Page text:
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Keeping Anambra Clean Not Negotiable – ASWAMA Board Chair

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By Gabriel Chy Alonta

The Chairman, Anambra State Waste Management Authority, ASWAMA, Dr. Emma Ezenwaji, says the mandate to keep Anambra State clean is tasking but will be accomplished. 

Dr. Ezenwaji gave the assurance in Awka while inaugurating the local government waste management committees in the seven LGAs under Anambra Central Senatorial Zone. 

He tasked the committee members, comprising Transition Committee Chairmen, environmental health officers, market leaders and representatives of community based organizations, to key into the vision of the state government. 

“The aim is to take the management of waste in Anambra State to the grassroots. Take it as number one priority. Don’t allow the contractors within your jurisdictions to idle away. Any contractor not measuring up should be reported and appropriate sanctions will be applied”. 

Dr. Ezenwaji, who described markets as the greatest challenge to keeping the state clean, stressed the need for the leaders to co-operate with the board, contractors and others involved in the enforcement to achieve the desired results.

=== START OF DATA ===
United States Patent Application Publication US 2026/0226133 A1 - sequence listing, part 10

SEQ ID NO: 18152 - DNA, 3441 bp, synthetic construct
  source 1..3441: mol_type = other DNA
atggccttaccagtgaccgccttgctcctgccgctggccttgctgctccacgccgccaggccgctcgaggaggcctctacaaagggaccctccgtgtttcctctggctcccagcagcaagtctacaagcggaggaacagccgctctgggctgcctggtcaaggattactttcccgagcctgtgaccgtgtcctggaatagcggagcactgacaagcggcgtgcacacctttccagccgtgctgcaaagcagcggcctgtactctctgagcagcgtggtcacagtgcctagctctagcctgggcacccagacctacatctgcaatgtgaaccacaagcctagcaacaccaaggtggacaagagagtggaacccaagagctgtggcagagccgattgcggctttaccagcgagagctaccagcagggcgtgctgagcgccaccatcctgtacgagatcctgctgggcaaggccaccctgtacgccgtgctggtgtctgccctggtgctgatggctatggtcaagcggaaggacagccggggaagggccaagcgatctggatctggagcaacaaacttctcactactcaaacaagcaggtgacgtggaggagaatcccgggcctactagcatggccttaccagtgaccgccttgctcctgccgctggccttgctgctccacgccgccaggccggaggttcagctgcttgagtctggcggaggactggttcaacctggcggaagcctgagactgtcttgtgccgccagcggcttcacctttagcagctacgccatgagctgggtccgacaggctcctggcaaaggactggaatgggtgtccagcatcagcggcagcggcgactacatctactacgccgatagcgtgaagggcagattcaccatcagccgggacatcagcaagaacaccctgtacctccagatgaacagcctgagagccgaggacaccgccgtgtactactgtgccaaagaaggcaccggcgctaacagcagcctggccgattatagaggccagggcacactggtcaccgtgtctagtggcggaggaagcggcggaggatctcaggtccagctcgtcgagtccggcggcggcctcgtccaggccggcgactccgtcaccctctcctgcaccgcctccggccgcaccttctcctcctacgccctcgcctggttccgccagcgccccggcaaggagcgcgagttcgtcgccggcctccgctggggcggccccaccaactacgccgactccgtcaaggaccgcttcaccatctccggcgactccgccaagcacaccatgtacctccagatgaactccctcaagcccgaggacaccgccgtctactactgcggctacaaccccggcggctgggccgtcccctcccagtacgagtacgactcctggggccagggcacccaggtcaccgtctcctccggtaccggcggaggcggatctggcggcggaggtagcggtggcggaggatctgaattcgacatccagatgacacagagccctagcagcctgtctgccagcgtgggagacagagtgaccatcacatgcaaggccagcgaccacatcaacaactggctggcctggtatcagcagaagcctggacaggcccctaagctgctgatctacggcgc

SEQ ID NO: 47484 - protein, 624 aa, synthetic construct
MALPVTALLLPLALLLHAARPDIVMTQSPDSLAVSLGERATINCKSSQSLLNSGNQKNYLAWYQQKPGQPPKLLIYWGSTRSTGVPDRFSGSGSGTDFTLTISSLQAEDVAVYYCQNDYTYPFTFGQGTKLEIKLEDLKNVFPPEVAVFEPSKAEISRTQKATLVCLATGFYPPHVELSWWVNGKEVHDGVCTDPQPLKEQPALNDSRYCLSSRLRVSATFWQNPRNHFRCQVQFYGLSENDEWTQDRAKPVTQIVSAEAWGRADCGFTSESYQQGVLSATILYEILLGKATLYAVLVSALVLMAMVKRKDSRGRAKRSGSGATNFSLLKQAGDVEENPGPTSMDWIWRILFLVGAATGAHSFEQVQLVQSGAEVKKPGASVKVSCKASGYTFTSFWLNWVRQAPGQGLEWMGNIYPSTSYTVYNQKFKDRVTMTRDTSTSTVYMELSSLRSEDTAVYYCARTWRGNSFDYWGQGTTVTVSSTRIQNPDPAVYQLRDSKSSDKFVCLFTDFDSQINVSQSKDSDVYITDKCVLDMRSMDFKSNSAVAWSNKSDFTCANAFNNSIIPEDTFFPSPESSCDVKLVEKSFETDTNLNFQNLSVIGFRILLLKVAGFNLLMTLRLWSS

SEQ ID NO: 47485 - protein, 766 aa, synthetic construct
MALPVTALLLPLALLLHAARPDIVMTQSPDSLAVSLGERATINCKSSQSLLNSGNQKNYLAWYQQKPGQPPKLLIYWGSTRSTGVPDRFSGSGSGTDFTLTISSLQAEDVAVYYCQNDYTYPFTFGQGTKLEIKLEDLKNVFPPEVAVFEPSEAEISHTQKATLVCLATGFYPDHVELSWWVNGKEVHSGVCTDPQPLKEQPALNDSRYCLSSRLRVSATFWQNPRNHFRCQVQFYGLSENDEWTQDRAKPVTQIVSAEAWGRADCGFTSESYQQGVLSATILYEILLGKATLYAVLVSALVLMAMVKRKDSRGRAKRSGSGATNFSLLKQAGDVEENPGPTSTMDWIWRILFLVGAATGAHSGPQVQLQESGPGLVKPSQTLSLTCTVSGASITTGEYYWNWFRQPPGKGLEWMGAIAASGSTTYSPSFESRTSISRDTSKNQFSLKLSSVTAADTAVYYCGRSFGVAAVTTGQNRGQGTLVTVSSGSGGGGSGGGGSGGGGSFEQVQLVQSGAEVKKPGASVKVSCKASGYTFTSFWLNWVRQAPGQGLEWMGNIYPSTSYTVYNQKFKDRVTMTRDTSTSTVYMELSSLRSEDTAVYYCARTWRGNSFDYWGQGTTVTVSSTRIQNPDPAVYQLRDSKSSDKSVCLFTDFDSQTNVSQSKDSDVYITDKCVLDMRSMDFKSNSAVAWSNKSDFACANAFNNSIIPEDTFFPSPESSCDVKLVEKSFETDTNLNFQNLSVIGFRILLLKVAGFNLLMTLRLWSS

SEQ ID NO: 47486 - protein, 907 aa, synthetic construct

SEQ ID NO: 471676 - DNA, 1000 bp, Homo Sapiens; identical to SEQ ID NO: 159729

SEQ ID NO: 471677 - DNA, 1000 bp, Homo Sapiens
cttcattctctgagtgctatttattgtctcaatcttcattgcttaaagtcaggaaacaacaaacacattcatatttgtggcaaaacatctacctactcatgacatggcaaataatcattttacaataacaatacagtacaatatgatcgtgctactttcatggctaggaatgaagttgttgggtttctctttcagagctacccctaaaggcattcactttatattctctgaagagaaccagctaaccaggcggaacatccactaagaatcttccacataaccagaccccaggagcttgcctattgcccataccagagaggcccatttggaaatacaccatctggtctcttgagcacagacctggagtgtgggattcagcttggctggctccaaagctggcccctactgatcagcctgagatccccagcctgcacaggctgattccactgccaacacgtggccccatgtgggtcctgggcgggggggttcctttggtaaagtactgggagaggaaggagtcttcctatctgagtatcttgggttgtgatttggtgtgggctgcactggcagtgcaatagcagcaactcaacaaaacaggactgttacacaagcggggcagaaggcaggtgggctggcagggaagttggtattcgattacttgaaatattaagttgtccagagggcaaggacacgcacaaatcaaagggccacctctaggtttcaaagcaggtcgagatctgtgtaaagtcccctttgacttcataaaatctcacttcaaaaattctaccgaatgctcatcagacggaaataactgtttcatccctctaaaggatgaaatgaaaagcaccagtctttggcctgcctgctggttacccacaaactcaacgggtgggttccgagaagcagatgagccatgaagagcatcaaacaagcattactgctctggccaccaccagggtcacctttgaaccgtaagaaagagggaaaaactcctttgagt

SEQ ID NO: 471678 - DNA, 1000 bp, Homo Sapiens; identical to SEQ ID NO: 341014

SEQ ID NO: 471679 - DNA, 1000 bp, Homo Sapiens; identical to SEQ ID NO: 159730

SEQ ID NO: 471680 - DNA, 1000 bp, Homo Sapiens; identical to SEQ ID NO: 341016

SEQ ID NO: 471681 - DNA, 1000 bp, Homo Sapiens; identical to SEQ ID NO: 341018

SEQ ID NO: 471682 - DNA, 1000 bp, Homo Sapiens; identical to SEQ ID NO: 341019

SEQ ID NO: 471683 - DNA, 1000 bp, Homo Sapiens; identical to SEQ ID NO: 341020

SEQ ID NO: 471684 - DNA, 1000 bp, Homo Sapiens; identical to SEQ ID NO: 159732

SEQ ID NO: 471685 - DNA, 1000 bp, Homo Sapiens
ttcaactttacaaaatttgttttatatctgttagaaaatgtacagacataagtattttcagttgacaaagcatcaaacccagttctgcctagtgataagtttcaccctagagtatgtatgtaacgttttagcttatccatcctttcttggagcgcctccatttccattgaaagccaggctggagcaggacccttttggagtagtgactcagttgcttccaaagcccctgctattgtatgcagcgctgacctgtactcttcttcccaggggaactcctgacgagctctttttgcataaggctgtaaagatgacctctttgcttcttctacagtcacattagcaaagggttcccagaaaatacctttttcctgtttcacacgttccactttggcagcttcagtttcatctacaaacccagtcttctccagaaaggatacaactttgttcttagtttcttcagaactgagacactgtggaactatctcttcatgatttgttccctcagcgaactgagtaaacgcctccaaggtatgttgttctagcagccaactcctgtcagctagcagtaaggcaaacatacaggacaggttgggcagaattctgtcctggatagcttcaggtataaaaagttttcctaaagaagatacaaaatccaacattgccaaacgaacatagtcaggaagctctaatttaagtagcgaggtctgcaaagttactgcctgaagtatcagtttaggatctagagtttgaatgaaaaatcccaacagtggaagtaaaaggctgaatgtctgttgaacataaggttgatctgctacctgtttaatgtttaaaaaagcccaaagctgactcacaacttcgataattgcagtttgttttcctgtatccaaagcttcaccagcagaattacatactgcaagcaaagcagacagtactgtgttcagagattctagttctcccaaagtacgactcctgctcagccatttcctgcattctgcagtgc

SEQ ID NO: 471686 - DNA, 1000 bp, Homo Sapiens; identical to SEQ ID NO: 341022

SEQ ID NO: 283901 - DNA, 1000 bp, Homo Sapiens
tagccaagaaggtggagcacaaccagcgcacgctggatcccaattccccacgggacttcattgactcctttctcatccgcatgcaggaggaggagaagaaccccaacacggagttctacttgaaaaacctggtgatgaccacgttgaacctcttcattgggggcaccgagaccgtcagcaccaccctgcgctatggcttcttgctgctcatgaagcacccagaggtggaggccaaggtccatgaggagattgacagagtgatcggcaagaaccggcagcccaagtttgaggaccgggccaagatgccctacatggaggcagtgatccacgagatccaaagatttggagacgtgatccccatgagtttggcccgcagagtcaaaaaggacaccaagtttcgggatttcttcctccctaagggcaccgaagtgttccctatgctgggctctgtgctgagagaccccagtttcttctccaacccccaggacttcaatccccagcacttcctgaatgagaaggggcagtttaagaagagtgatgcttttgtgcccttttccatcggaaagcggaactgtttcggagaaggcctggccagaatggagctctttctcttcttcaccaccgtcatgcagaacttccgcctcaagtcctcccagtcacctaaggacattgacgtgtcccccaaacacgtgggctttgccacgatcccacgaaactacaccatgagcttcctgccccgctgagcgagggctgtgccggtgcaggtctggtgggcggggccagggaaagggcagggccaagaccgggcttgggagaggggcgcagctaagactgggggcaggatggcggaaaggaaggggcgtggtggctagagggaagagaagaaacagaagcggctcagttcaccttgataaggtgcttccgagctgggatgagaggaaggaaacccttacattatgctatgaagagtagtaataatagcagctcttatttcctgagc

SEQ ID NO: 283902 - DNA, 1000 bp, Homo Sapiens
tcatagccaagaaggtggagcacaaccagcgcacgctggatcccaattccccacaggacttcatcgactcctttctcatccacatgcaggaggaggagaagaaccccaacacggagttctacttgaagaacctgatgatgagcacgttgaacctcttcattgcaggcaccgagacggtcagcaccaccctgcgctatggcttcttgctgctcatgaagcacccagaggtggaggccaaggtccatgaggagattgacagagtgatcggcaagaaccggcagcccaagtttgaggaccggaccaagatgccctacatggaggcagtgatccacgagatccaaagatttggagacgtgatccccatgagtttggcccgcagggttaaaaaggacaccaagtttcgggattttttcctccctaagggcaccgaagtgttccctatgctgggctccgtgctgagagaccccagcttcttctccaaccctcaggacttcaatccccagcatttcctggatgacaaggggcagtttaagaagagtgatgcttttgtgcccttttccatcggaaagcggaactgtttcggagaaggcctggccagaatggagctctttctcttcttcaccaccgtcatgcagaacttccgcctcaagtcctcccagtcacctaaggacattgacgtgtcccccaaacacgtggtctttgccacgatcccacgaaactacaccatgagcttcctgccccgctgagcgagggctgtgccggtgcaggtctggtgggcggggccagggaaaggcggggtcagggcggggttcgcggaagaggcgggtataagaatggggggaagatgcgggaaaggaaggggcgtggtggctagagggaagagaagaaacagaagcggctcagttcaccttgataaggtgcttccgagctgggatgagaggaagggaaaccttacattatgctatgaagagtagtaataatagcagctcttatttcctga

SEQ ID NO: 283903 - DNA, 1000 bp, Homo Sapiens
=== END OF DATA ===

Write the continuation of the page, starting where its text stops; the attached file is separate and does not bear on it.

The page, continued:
He said, “Sensitization is key to achieving results. Strive to get the commitment and buy-in of market leaders. 

“Revenue generation is very important but we don’t want touts to divert what belongs to the government. So, nobody should pay anybody until ASWAMA directs”.

In a remark, the ASWAMA Managing Director, Mr. Mike Ozoemena, tasked the TC chairmen of the seven local government areas to take waste management further to the communities. According to him, law enforcement agents would be needed to deal with recalcitrant individuals, who would want to scuttle the lofty plans of the government for the environment. 

“Indiscipline is very high in our clime. It’s a collective responsibility. No more street dumping of refuse by September 30th”, he said.

Prof. Ike Uzochukwu, a board member, who spoke on the health implications of a dirty environment, gave some disturbing statistics, pointing at deteriorating environmental health in Anambra and Nigeria at large. 

“This time last year, we had less than four hundred confirmed cases of lassa fever in Nigeria. But this year, we have nearly nine hundred within the same period. This time last year, only fourteen states had lassa fever cases. This year, we have twenty four states affected. It means that Nigeria has deteriorated in cleanliness. We need to sensitize the people that there is a link between environmental health and deaths we record on a daily basis”, he said.

Speaking on behalf of the chairmen, the TC Chairman, Njikoka, Clem Aguiyi, called for a system that would ensure proper management of wastes, as well as necessary logistic support to aid the job.

Other members including Dr. Dennis Ekemezie and Iyom Faustina Igbasi, described keeping Anambra State clean as a non-negotiable goal.

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